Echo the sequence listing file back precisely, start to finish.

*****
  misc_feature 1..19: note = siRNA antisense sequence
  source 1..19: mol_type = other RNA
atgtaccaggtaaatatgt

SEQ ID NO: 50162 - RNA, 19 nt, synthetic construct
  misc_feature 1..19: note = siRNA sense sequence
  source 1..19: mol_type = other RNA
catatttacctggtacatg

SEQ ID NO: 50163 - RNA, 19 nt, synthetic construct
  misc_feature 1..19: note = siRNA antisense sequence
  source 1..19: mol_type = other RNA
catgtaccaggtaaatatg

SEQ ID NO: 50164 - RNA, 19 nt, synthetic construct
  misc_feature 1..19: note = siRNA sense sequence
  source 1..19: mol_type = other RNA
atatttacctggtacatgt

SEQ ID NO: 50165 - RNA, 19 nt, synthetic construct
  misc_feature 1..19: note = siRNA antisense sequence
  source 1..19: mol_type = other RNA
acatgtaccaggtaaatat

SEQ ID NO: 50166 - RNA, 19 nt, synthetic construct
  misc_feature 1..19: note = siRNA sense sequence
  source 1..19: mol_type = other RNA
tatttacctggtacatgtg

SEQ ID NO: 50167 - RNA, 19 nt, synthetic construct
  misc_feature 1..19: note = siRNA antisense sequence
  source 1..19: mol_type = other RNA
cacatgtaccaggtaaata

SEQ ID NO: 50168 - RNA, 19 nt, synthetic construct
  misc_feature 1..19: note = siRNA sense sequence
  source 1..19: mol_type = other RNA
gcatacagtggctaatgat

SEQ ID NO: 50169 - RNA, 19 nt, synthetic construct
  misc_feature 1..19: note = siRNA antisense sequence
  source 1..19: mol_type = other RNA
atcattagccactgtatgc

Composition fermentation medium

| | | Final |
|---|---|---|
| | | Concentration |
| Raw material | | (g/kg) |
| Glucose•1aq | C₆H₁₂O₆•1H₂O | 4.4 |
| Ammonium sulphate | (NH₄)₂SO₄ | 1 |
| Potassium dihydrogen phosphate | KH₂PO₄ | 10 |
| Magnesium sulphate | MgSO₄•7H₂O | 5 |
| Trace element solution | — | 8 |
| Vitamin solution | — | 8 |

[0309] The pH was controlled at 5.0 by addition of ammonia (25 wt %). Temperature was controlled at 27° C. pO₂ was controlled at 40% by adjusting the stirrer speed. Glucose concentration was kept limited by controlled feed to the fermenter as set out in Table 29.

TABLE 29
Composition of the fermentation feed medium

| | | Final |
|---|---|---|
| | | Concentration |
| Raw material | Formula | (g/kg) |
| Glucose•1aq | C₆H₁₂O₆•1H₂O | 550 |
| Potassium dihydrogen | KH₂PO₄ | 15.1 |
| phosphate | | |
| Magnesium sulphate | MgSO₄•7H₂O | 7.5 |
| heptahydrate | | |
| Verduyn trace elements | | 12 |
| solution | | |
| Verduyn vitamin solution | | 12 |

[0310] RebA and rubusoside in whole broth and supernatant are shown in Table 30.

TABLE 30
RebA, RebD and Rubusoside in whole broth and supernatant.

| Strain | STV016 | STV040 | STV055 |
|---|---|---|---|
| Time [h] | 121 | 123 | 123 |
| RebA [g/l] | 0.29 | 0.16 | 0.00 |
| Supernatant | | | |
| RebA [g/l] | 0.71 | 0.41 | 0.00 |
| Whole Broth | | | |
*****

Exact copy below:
  misc_feature 1..19: note = siRNA antisense sequence
  source 1..19: mol_type = other RNA
atgtaccaggtaaatatgt

SEQ ID NO: 50162 - RNA, 19 nt, synthetic construct
  misc_feature 1..19: note = siRNA sense sequence
  source 1..19: mol_type = other RNA
catatttacctggtacatg

SEQ ID NO: 50163 - RNA, 19 nt, synthetic construct
  misc_feature 1..19: note = siRNA antisense sequence
  source 1..19: mol_type = other RNA
catgtaccaggtaaatatg

SEQ ID NO: 50164 - RNA, 19 nt, synthetic construct
  misc_feature 1..19: note = siRNA sense sequence
  source 1..19: mol_type = other RNA
atatttacctggtacatgt

SEQ ID NO: 50165 - RNA, 19 nt, synthetic construct
  misc_feature 1..19: note = siRNA antisense sequence
  source 1..19: mol_type = other RNA
acatgtaccaggtaaatat

SEQ ID NO: 50166 - RNA, 19 nt, synthetic construct
  misc_feature 1..19: note = siRNA sense sequence
  source 1..19: mol_type = other RNA
tatttacctggtacatgtg

SEQ ID NO: 50167 - RNA, 19 nt, synthetic construct
  misc_feature 1..19: note = siRNA antisense sequence
  source 1..19: mol_type = other RNA
cacatgtaccaggtaaata

SEQ ID NO: 50168 - RNA, 19 nt, synthetic construct
  misc_feature 1..19: note = siRNA sense sequence
  source 1..19: mol_type = other RNA
gcatacagtggctaatgat

SEQ ID NO: 50169 - RNA, 19 nt, synthetic construct
  misc_feature 1..19: note = siRNA antisense sequence
  source 1..19: mol_type = other RNA
atcattagccactgtatgc

Composition fermentation medium

| | | Final |
|---|---|---|
| | | Concentration |
| Raw material | | (g/kg) |
| Glucose•1aq | C₆H₁₂O₆•1H₂O | 4.4 |
| Ammonium sulphate | (NH₄)₂SO₄ | 1 |
| Potassium dihydrogen phosphate | KH₂PO₄ | 10 |
| Magnesium sulphate | MgSO₄•7H₂O | 5 |
| Trace element solution | — | 8 |
| Vitamin solution | — | 8 |

[0309] The pH was controlled at 5.0 by addition of ammonia (25 wt %). Temperature was controlled at 27° C. pO₂ was controlled at 40% by adjusting the stirrer speed. Glucose concentration was kept limited by controlled feed to the fermenter as set out in Table 29.

TABLE 29
Composition of the fermentation feed medium

| | | Final |
|---|---|---|
| | | Concentration |
| Raw material | Formula | (g/kg) |
| Glucose•1aq | C₆H₁₂O₆•1H₂O | 550 |
| Potassium dihydrogen | KH₂PO₄ | 15.1 |
| phosphate | | |
| Magnesium sulphate | MgSO₄•7H₂O | 7.5 |
| heptahydrate | | |
| Verduyn trace elements | | 12 |
| solution | | |
| Verduyn vitamin solution | | 12 |

[0310] RebA and rubusoside in whole broth and supernatant are shown in Table 30.

TABLE 30
RebA, RebD and Rubusoside in whole broth and supernatant.

| Strain | STV016 | STV040 | STV055 |
|---|---|---|---|
| Time [h] | 121 | 123 | 123 |
| RebA [g/l] | 0.29 | 0.16 | 0.00 |
| Supernatant | | | |
| RebA [g/l] | 0.71 | 0.41 | 0.00 |
| Whole Broth | | | |